A series of major federal government IT projects face delays and escalating costs as solid evidence emerges Australia could soon be in the midst of a high-level IT skills shortage.
The issue reached tipping point last week after Reserve Bank Governor Ian MacFarlane warned Cabinet a national skills crisis may drive up labour costs and interest rates.
"I don't think there's anyone who disputes that there are very serious shortages in some areas, that there are businesses that have to find all sorts of ways of paying more to get staff," MacFarlane said.
On the same day, Taxation CIO Bill Gibson revealed a major CRM project had been moved to Melbourne because the Tax Officer was unable to source 100 senior level IT staff in Canberra.
Gibson also conceded other government agencies face problems getting staff, but refused to name names.
Since then Computerworld has confirmed Centrelink and the Health Insurance Commission are struggling to fill roles for senior development staff and managers for a range of new IT projects.
In November 2004, Centrelink tendered for an integrated IT services panel to oversee its massive technology Refresh Program which covers almost all the agency's future IT and communications requirements. It includes mainframe, mid-range, desktop, network and communications, and security services.
Understood to have been originally pegged at between $120 million and $200 million, the cost of the panel contracts may soon rise.
A source within Centrelink, who asked not to be named, said while many government projects were initially on track, the October election caused "paralysis" on numerous projects because much policy was effectively shut down.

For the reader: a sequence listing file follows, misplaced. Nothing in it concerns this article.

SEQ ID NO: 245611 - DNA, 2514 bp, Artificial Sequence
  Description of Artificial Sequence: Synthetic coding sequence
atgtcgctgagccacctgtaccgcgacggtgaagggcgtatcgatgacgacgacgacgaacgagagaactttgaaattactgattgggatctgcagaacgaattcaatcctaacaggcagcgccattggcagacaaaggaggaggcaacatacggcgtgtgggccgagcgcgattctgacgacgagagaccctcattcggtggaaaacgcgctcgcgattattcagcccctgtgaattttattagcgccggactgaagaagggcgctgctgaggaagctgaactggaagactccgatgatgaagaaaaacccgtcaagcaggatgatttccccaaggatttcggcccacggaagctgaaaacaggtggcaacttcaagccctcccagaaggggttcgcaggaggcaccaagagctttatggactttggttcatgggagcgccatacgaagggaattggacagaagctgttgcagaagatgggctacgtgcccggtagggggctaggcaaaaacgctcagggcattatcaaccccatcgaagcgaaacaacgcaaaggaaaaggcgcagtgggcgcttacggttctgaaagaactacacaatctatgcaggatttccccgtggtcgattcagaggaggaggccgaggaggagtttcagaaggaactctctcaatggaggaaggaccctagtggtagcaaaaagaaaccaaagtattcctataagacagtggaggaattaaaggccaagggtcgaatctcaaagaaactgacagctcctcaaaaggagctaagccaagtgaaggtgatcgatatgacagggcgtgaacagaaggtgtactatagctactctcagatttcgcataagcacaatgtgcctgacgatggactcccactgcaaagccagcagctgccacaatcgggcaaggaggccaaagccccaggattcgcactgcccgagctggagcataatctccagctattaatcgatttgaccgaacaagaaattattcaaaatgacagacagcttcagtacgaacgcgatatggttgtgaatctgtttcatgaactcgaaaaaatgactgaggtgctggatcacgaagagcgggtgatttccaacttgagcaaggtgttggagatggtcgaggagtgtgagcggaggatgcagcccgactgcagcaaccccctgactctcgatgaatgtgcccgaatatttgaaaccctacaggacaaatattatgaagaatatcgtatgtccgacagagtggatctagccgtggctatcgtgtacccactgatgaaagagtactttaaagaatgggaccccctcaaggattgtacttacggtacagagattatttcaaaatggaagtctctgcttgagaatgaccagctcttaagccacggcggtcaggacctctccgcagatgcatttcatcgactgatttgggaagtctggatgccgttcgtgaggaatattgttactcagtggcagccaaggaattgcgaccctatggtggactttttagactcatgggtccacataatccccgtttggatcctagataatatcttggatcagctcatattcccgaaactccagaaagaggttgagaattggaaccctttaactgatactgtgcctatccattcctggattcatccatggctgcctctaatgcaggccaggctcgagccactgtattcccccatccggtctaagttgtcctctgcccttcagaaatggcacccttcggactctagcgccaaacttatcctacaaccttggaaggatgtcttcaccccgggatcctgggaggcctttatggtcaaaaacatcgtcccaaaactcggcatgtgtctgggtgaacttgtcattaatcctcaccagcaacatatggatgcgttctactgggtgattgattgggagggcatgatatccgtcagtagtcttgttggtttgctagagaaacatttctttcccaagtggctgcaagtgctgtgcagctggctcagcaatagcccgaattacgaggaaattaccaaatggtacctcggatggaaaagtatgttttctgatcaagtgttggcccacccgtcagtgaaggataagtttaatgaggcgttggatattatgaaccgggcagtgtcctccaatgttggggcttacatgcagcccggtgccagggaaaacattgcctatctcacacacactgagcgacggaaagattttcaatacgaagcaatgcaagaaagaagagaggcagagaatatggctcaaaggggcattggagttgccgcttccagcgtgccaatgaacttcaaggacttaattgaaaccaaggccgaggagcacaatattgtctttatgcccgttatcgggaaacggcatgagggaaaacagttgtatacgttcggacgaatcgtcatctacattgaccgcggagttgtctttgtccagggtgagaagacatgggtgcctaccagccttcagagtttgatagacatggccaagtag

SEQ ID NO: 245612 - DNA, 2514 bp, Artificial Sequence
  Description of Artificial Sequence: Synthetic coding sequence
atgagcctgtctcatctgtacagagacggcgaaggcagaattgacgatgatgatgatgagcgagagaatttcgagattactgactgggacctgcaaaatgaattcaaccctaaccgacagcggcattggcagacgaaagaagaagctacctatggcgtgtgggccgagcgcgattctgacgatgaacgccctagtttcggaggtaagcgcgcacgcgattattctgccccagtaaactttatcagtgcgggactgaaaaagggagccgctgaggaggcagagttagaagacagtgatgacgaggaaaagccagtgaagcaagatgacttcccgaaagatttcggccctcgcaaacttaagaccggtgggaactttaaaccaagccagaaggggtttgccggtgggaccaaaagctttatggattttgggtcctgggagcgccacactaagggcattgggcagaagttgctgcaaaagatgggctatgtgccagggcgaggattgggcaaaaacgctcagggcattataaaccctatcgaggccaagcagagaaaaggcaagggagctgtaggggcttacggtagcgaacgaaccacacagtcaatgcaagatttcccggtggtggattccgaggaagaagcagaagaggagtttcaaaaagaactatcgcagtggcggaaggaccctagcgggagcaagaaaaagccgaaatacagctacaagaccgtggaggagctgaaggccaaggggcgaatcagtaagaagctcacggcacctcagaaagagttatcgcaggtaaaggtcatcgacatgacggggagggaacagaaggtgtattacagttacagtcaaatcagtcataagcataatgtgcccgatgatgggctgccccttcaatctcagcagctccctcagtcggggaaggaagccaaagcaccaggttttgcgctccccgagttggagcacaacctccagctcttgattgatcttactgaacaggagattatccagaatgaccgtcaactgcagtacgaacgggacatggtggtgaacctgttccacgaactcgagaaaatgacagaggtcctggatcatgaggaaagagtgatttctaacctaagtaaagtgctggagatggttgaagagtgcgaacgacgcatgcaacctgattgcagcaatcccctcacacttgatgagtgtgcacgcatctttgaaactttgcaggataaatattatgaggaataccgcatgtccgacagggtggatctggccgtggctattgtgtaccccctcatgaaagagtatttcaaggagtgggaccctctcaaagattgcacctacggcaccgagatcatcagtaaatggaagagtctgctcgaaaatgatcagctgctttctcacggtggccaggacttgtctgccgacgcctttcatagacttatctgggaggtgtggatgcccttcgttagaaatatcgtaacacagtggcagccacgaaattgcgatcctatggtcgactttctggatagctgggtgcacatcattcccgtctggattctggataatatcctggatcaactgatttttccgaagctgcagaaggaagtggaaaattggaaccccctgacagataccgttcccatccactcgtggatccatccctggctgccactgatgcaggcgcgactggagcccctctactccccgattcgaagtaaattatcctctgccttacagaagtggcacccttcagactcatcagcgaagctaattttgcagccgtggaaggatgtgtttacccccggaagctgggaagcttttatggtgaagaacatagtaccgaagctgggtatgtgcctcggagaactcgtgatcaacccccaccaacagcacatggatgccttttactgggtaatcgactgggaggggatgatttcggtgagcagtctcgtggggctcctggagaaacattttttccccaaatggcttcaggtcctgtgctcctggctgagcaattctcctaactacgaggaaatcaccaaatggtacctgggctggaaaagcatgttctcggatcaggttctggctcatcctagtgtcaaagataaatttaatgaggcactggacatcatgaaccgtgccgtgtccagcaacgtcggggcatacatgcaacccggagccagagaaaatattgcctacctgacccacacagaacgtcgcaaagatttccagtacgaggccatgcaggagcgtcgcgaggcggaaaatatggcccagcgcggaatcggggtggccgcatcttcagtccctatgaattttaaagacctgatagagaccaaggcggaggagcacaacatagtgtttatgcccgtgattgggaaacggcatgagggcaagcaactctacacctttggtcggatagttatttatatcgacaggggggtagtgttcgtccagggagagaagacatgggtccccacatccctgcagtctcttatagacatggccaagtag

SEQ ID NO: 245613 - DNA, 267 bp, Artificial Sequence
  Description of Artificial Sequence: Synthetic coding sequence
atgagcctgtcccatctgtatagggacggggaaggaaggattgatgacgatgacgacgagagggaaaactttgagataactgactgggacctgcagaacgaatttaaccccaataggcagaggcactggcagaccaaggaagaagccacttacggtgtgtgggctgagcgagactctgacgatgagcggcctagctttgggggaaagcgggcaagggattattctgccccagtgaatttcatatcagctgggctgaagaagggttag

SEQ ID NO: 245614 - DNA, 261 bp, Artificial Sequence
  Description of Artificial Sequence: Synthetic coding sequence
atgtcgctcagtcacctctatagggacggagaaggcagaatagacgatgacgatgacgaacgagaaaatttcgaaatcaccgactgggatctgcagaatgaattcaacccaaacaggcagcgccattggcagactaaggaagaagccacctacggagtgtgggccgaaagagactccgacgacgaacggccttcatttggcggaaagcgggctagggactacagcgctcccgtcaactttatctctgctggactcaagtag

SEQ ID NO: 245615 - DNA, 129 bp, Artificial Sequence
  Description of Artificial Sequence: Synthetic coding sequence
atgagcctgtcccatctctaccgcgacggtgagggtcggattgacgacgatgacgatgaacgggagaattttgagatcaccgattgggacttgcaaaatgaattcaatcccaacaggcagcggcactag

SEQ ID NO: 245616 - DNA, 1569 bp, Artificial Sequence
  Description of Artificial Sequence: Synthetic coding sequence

"There's definite [IT skills] bottleneck. Demand just built up and up... now everyone is getting funding. It is extremely frustrating. [Agencies] are rushing to spend money because the budget is coming-up. It's famine or feast...then ministers wonder why costs go up," the source said.
A HIC source, who also declined to be named publicly, said there was a "palpable fear" of telling ministers that IT related projects would now have "trouble getting up at the first gate let alone delivering on time".
"The contracting and services community will play this for every cent it's worth. They want a bidding war because it pumps margins. They want agencies to compete against each other," the source said.
The office of the Minister for Communications IT and the Arts and the Australian Government Information Management Office were both unavailable for comment.
Never short of a line, recruiters have their own explanation for the high-level skills shortage.
Greythorn business analyst Phillip Tusing says there is shortage of senior project managers within Australia, and expects they will be able to name their price for the next five to six months.
"The federal and state governments are searching for project managers and want ones with newer skills."
Ambition IT recruitment director Jane Bianchini said skilled project managers are in high demand, particularly if they are certified.
"The lure of higher salaries overseas has seen many highly-skilled ICT professionals lost to other countries. As new and emerging technologies reach our shores, organizations struggle to find the skills to assist," Bianchini said, noting CRM and ERP upgrades were also driving demands.
NSW general manager for Candle recruitment, Peter Zonnevylle, said chronic underspending on IT projects has gone and project approval has picked up.
"I would not say it is back to blank cheques being written, but the market is definitely coming back," Zonnevylle said.